Guide to the Microfilm Edition
This collection consists of correspondence, addresses, and other papers of financiers August Belmont, Sr. and August Belmont, Jr.
August Belmont (1813-1890), financier, politician, and diplomat, was born August Schonburg, the son of Simon and Frederika Schonberg of Alzey, Rhenish Prussia (now Germany). As a young boy, he began an apprenticeship at the Frankfurt banking office of the Rothschild family. In 1837, on his way to Havana on Rothschild business, Belmont arrived in New York City in the midst of the financial Panic of 1837. He remained in New York City, and after the Rothschild business there failed, he founded his own financial services company, August Belmont and Co. He later served as consul general to Austria, minister to the Netherlands, and was active in Democratic politics. Belmont died in New York City on 24 November 1890, leaving his wife Catherine Slidell (Perry) Belmont (1829-1892) and five children.
August Belmont, Jr. (1853-1924) was born in New York to August Belmont, Sr. and Catherine Slidell (Perry) Belmont. A graduate of St. Mark's School and Harvard University (Class of 1875), Belmont became a financier, working first for his father's company, August Belmont and Co. He founded the Interborough Transit Company in 1902 to finance the construction of New York City's subway system and was instrumental in the promotion and construction of the Cape Cod Canal. Belmont was married twice: to Elizabeth Hamilton Morgan (1862-1898), with whom he had three children, and to actress Eleanor Robson (1879-1979). Belmont died 10 December 1924 at his apartment on Park Avenue in New York.
This collection consists of correspondence, addresses, and other papers of financiers August Belmont, Sr. and August Belmont, Jr. Correspondents include William Waldorf Astor, Newton D. Baker, Josephus Daniels, Stuyvesant Fish, George W. Goethals, W. Averell Harriman, Henry Cabot Lodge, Eleanor Roosevelt, and Woodrow Wilson.
The papers of August Belmont, Sr. consist of typescript translations of correspondence with his father and sister Babette, 1828-1841. These letters concern his early financial training in the Rothschild office at Frankfurt, 1829-1830, and his activities in New York City, 1836-1841, while serving as agent for the Rothschild firm. His letters contain commentary on American culture and his personal life, including a duel of honor fought with William Hayward in September 1841.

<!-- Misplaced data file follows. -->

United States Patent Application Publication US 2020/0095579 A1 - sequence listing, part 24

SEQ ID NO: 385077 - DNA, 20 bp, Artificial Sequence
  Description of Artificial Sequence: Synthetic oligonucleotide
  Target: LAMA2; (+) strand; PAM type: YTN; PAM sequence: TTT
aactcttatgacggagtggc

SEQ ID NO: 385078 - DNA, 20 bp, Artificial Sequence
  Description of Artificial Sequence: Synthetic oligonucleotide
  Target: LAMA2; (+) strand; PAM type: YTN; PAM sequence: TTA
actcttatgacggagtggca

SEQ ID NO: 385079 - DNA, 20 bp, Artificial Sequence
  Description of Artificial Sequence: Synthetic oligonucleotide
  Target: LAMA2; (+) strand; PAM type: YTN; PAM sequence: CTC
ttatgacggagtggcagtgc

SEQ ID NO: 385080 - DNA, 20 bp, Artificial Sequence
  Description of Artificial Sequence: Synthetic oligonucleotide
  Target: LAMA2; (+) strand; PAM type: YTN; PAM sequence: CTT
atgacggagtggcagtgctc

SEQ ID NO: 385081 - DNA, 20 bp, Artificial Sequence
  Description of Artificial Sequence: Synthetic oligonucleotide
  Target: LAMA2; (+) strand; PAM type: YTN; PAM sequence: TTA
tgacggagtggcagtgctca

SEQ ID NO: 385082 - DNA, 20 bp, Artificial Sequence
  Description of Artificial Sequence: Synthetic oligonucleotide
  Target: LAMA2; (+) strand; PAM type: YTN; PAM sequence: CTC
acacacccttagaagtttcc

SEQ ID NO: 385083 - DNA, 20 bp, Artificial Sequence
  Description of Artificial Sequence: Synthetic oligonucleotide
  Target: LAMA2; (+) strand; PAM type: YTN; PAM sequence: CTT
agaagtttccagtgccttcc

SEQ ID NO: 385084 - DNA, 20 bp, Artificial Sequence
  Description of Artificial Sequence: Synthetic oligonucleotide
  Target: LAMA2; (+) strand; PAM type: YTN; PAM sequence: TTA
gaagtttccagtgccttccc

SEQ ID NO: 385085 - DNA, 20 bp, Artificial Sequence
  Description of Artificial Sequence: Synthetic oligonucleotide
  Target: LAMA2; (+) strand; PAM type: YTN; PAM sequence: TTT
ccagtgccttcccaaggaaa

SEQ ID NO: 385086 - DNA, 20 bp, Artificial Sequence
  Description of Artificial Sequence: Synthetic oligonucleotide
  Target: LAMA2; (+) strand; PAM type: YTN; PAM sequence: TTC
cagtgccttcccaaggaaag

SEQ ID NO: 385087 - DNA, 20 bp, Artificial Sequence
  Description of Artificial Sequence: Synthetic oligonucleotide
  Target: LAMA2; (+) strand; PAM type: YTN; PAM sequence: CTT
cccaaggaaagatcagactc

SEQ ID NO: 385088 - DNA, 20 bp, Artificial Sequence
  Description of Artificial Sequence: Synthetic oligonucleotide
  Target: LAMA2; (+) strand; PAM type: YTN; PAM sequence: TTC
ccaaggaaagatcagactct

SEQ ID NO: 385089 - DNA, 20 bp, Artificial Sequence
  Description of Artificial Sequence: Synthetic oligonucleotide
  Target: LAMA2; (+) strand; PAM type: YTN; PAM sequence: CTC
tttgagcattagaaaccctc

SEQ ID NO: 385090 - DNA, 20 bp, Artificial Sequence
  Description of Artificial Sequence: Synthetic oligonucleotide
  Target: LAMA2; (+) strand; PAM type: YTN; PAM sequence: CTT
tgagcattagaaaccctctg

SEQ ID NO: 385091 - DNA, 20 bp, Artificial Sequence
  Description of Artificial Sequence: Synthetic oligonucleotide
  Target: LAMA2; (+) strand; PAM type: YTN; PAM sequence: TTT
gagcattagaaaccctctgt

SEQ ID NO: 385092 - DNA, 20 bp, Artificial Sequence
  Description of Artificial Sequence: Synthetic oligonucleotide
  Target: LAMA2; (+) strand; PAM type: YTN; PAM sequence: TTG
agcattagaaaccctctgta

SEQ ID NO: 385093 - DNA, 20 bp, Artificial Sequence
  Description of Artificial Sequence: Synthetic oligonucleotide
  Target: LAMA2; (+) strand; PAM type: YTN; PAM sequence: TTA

The papers of August Belmont, Jr. relate mainly to the engineering, building, and financing of the Cape Cod Canal, 1907-1924, but also include letters concerning the construction of the Belmont Tunnel in New York, Belmont's horse racing interests, and other enterprises. The bulk of the collection consists of correspondence documenting Belmont's presidency of the Cape Cod Construction Co. and the Boston, New York and Cape Cod Canal Co. Included are letters from officials of these companies about the engineering, financing, and construction of the canal. Chief correspondents during this period include vice-presidents of the firm H. P. Wilson, Captain J. W. Miller, and chief engineer William Barclay Parsons. Copies of construction contracts from 1909 contain specifications for the canal. Negotiations for agreements on land and water rights and access bridges are detailed in correspondence with local Cape Cod authorities, legislators, and officers of the New Haven Railroad. Included are minutes of directors' meetings and occasional correspondence with W. Averell Harriman and other directors.
Papers relating to the opening of the canal on 29 July 1914 include letters and telegrams of congratulations from William G. McAdoo, W. Averell Harriman, Nathan Straus, Harry Payne Whitney, and Woodrow Wilson. Other papers pertain to the opening ceremonies presided over by Seth Low and Belmont's arrangements for guests making the initial canal trip. Included are copies of addresses, notes, and telegrams acknowledging invitations to the event. Among the correspondents are Stuyvesant Fish, New York Governor Martin H. Glynn, and Eleanor Roosevelt.
The operations of the Cape Cod Canal, 1917-1935, are documented in Belmont's correspondence, reports on traffic, statistical surveys, copies of proposed legislation surrounding government takeover of the facility, and additional reports received and collected by Belmont's wife after his death in 1924. The lengthy litigation over government seizure of the canal in 1917 and negotiations over compensation are documented in papers from 1917-1924. Of special interest is correspondence with special counsel Sherman L. Whipple, 1919-1921. Boston law firms Currier and Young and Innes and Turtle also represented Belmont's interests. Included are corroborative depositions of engineering expert General George W. Goethals, operating accounts, correspondence with legislators sympathetic to Belmont's cause, and exchanges with Secretaries of War Newton D. Baker and John W. Weeks.
The papers of Eleanor (Robson) Belmont relate to a memorial tablet placed at the site of the Cape Cod Canal in memory of her husband in 1935-1936 and proposals for improvements to the canal while under the jurisdiction of the U.S. Army Corps of Engineers in 1935. Correspondence from 1959 to 1965 pertains to the publication of an edition of The Building of the Cape Cod Canal about the history of the canal and Belmont's role in its construction.
Gift of Mrs. August Belmont, March 1971.
August Belmont papers, Massachusetts Historical Society.
This collection is indexed under the following headings in ABIGAIL, the online catalog of the Massachusetts Historical Society. Researchers desiring materials about related persons, organizations, or subjects should search the catalog using these headings.